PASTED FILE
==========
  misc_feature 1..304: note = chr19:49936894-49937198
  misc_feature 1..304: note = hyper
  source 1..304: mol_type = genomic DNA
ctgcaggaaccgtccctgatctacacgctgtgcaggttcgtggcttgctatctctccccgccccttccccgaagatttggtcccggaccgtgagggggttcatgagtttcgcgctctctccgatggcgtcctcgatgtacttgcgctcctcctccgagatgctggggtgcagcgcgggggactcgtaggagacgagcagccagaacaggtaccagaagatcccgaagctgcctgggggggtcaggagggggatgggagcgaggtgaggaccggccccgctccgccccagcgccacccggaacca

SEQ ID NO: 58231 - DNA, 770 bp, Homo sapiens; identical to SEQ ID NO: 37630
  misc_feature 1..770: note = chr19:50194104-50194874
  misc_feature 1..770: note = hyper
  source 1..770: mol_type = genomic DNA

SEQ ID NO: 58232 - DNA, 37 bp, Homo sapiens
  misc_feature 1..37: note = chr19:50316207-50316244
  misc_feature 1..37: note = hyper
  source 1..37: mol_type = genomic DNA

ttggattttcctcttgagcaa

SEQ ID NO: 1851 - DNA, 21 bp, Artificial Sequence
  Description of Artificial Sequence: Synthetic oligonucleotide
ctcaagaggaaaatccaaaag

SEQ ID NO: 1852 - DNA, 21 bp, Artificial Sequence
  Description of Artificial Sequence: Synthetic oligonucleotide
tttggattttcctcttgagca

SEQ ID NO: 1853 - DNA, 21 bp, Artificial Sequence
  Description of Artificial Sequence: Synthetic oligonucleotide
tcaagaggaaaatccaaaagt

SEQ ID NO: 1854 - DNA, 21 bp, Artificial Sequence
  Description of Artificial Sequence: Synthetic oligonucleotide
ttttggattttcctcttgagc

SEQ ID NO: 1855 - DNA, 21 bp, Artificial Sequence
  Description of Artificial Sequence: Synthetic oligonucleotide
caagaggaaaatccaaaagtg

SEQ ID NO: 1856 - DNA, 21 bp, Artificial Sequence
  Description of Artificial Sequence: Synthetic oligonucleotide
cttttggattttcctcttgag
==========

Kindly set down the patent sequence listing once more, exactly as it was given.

  misc_feature 1..304: note = chr19:49936894-49937198
  misc_feature 1..304: note = hyper
  source 1..304: mol_type = genomic DNA
ctgcaggaaccgtccctgatctacacgctgtgcaggttcgtggcttgctatctctccccgccccttccccgaagatttggtcccggaccgtgagggggttcatgagtttcgcgctctctccgatggcgtcctcgatgtacttgcgctcctcctccgagatgctggggtgcagcgcgggggactcgtaggagacgagcagccagaacaggtaccagaagatcccgaagctgcctgggggggtcaggagggggatgggagcgaggtgaggaccggccccgctccgccccagcgccacccggaacca

SEQ ID NO: 58231 - DNA, 770 bp, Homo sapiens; identical to SEQ ID NO: 37630
  misc_feature 1..770: note = chr19:50194104-50194874
  misc_feature 1..770: note = hyper
  source 1..770: mol_type = genomic DNA

SEQ ID NO: 58232 - DNA, 37 bp, Homo sapiens
  misc_feature 1..37: note = chr19:50316207-50316244
  misc_feature 1..37: note = hyper
  source 1..37: mol_type = genomic DNA

ttggattttcctcttgagcaa

SEQ ID NO: 1851 - DNA, 21 bp, Artificial Sequence
  Description of Artificial Sequence: Synthetic oligonucleotide
ctcaagaggaaaatccaaaag

SEQ ID NO: 1852 - DNA, 21 bp, Artificial Sequence
  Description of Artificial Sequence: Synthetic oligonucleotide
tttggattttcctcttgagca

SEQ ID NO: 1853 - DNA, 21 bp, Artificial Sequence
  Description of Artificial Sequence: Synthetic oligonucleotide
tcaagaggaaaatccaaaagt

SEQ ID NO: 1854 - DNA, 21 bp, Artificial Sequence
  Description of Artificial Sequence: Synthetic oligonucleotide
ttttggattttcctcttgagc

SEQ ID NO: 1855 - DNA, 21 bp, Artificial Sequence
  Description of Artificial Sequence: Synthetic oligonucleotide
caagaggaaaatccaaaagtg

SEQ ID NO: 1856 - DNA, 21 bp, Artificial Sequence
  Description of Artificial Sequence: Synthetic oligonucleotide
cttttggattttcctcttgag